Neil K Archibald

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As a more complete picture of the clinical phenotype of Parkinson's disease emerges, non-motor symptoms have become increasingly studied. Prominent among these non-motor phenomena are mood disturbance, cognitive decline and dementia, sleep disorders, hyposmia and autonomic failure. In addition, visual symptoms are common, ranging from complaints of dry eyes(More)
Visual symptoms are common in PD and PD dementia and include difficulty reading, double vision, illusions, feelings of presence and passage, and complex visual hallucinations. Despite the established prognostic implications of complex visual hallucinations, the interaction between cognitive decline, visual impairment, and other visual symptoms remains(More)
Sweet's syndrome, or acute febrile neutrophilic dermatosis, is a multisystem, inflammatory disease characterised by tender skin lesions and neutrophilic infiltration of various organs, including the nervous system. A rare condition, neuro-Sweet's can present with a wide variety of neurological symptoms dependent on the region of the CNS affected. Here we(More)
Visuospatial dysfunction may play a crucial role in gait disturbance in Parkinson's disease (PD), in particular how visual exploration of the environment is integrated into gait control. In this study, we tested the hypothesis that people with PD would visually sample their environment less frequently than controls when walking under different levels of(More)
Parkinson's disease, typically thought of as a movement disorder, is increasingly recognized as causing cognitive impairment and dementia. Eye movement abnormalities are also described, including impairment of rapid eye movements (saccades) and the fixations interspersed between them. Such movements are under the influence of cortical and subcortical(More)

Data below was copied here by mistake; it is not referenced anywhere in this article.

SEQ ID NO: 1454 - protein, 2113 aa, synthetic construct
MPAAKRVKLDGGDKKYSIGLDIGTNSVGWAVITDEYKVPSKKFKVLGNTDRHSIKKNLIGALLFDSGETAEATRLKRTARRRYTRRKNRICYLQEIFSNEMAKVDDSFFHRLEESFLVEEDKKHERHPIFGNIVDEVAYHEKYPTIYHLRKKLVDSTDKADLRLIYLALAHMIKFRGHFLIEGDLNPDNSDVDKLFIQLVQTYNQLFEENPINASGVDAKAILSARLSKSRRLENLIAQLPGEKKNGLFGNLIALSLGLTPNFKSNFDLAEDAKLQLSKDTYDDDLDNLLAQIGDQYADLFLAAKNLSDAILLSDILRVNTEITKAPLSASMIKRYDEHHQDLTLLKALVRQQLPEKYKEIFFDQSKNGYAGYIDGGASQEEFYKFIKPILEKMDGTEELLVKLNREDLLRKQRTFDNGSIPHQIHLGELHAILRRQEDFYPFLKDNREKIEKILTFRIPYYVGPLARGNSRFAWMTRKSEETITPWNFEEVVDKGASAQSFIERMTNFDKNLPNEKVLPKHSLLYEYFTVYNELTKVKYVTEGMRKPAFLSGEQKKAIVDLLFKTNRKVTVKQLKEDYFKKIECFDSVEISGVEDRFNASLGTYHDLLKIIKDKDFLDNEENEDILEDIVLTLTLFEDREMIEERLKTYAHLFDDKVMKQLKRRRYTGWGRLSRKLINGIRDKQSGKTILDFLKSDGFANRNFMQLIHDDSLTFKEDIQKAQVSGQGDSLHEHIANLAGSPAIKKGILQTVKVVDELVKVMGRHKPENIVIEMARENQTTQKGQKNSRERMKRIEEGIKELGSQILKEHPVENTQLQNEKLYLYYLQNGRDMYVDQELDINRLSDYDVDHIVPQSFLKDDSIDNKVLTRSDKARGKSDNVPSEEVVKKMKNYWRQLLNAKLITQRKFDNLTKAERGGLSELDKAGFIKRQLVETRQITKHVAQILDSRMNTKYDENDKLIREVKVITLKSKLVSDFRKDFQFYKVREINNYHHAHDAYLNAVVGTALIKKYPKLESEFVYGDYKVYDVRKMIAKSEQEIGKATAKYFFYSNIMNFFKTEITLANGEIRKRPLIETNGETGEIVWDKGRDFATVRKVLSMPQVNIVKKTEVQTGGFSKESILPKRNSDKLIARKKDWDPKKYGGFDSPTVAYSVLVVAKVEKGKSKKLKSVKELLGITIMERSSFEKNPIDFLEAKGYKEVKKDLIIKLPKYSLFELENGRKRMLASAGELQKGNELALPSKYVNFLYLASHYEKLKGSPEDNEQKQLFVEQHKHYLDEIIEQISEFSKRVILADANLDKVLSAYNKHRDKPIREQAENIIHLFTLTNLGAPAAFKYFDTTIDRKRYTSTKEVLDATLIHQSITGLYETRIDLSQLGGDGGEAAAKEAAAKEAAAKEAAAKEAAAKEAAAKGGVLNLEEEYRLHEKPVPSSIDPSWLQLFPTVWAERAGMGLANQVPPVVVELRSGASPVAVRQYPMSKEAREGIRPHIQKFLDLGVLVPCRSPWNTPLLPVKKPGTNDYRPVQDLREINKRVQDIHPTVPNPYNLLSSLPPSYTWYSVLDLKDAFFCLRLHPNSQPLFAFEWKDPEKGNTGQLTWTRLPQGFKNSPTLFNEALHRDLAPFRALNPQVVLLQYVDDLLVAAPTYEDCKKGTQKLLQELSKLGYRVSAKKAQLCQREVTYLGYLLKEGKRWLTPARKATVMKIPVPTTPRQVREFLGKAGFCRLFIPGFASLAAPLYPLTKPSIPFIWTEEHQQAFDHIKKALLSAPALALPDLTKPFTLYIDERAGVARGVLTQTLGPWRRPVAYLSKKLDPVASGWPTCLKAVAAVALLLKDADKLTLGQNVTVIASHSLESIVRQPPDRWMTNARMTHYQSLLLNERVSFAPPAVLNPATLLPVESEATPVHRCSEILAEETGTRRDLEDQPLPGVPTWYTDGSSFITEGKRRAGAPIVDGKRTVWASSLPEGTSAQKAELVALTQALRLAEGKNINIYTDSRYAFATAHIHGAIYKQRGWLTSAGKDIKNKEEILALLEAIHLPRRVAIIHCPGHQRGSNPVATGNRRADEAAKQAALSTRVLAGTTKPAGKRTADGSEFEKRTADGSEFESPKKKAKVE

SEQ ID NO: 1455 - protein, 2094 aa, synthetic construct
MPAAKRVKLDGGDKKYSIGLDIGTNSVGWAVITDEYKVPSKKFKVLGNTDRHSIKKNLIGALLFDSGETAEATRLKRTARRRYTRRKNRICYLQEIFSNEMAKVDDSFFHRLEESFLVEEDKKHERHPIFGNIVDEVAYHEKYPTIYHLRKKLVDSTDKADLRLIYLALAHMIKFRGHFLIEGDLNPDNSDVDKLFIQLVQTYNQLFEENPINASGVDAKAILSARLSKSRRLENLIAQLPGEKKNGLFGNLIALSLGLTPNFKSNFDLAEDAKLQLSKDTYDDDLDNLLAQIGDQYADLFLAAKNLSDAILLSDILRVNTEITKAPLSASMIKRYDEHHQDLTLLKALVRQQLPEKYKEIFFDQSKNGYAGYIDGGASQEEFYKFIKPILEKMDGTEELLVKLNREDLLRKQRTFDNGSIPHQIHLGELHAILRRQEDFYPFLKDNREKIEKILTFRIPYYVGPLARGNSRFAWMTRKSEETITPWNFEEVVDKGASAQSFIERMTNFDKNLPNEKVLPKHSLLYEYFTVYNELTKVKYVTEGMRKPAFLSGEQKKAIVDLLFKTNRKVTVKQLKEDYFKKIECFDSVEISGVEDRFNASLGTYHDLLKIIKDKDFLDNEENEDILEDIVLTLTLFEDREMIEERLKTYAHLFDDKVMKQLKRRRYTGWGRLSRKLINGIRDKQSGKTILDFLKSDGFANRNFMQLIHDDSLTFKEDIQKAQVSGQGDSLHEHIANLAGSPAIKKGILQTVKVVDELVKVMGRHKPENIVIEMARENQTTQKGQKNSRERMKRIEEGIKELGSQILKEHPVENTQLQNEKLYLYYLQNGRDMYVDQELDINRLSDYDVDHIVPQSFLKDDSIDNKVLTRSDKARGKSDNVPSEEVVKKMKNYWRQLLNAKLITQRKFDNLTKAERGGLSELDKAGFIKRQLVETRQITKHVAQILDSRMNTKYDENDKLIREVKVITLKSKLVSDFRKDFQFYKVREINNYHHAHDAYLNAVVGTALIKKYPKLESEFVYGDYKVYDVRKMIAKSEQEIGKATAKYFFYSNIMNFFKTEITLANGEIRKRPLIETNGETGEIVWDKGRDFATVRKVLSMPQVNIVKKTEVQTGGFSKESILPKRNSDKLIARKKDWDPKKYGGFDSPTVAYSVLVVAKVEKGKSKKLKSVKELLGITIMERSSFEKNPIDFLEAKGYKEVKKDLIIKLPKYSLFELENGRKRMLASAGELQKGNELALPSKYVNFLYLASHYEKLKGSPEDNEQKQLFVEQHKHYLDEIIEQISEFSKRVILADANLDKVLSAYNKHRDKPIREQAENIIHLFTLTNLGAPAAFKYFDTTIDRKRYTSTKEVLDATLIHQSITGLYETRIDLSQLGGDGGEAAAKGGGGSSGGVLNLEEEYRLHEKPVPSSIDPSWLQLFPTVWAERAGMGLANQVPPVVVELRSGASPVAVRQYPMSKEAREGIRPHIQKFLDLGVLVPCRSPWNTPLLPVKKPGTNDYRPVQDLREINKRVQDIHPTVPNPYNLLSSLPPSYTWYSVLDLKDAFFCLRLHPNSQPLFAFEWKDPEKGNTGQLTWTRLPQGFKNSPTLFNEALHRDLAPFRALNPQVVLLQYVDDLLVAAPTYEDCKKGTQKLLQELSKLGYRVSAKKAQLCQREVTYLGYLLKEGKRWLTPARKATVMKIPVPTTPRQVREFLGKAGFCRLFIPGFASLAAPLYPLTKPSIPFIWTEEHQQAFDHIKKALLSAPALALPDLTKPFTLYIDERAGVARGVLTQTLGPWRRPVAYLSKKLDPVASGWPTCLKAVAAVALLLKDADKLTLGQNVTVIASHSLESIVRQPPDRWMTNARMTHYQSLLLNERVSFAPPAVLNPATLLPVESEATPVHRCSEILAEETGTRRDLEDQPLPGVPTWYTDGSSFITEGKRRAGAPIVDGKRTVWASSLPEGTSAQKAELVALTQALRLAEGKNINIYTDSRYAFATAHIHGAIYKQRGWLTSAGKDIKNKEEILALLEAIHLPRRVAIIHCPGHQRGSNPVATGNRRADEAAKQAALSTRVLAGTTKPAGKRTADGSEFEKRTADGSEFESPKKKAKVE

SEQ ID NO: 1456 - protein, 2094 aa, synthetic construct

Parkinson disease (PD) is the second commonest neurodegenerative disorder in the UK with an increasing prevalence in our aging population. The clinical features of PD are varied with a variety of "motor" and "nonmotor" symptoms and the condition is best thought of as a multisystem neurodegenerative disorder rather than as a "pure" movement disorder.(More)
OBJECTIVES Visual hallucinations (VH) most commonly occur in eye disease (ED), Parkinson disease (PD), and Lewy body dementia (LBD). The phenomenology of VH is likely to carry important information about the brain areas within the visual system generating them. METHODS Data from five controlled cross-sectional VH studies (164 controls, 135 ED, 156 PD, 79(More)
BACKGROUND Although visuospatial deficits have been linked with freezing of gait (FOG) in Parkinson's disease (PD), the specific effects of dorsal and ventral visual pathway dysfunction on FOG is not well understood. METHOD We assessed visuospatial function in FOG using an angle discrimination test (dorsal visual pathway bias) and overlapping figure test(More)
Dopa responsive dystonia results from abnormalities in the dopamine synthesis pathway which produces an array of phenotypic presentations with equally numerous genotypes. First documented in children in 1971, the 'classic' phenotype is childhood onset, predominantly lower limb dystonia which gradually progresses to generalised dystonia. Other hallmarks of(More)
A 77-year-old man, with a long history of idiopathic Parkinson's disease, was reviewed in the movement disorder clinic of the James Cook University Hospital. He had first presented to the neurological services 17 years previously with an asymmetrical, progressive upper limb tremor and associated rigidity. He had an otherwise unremarkable medical history. He(More)
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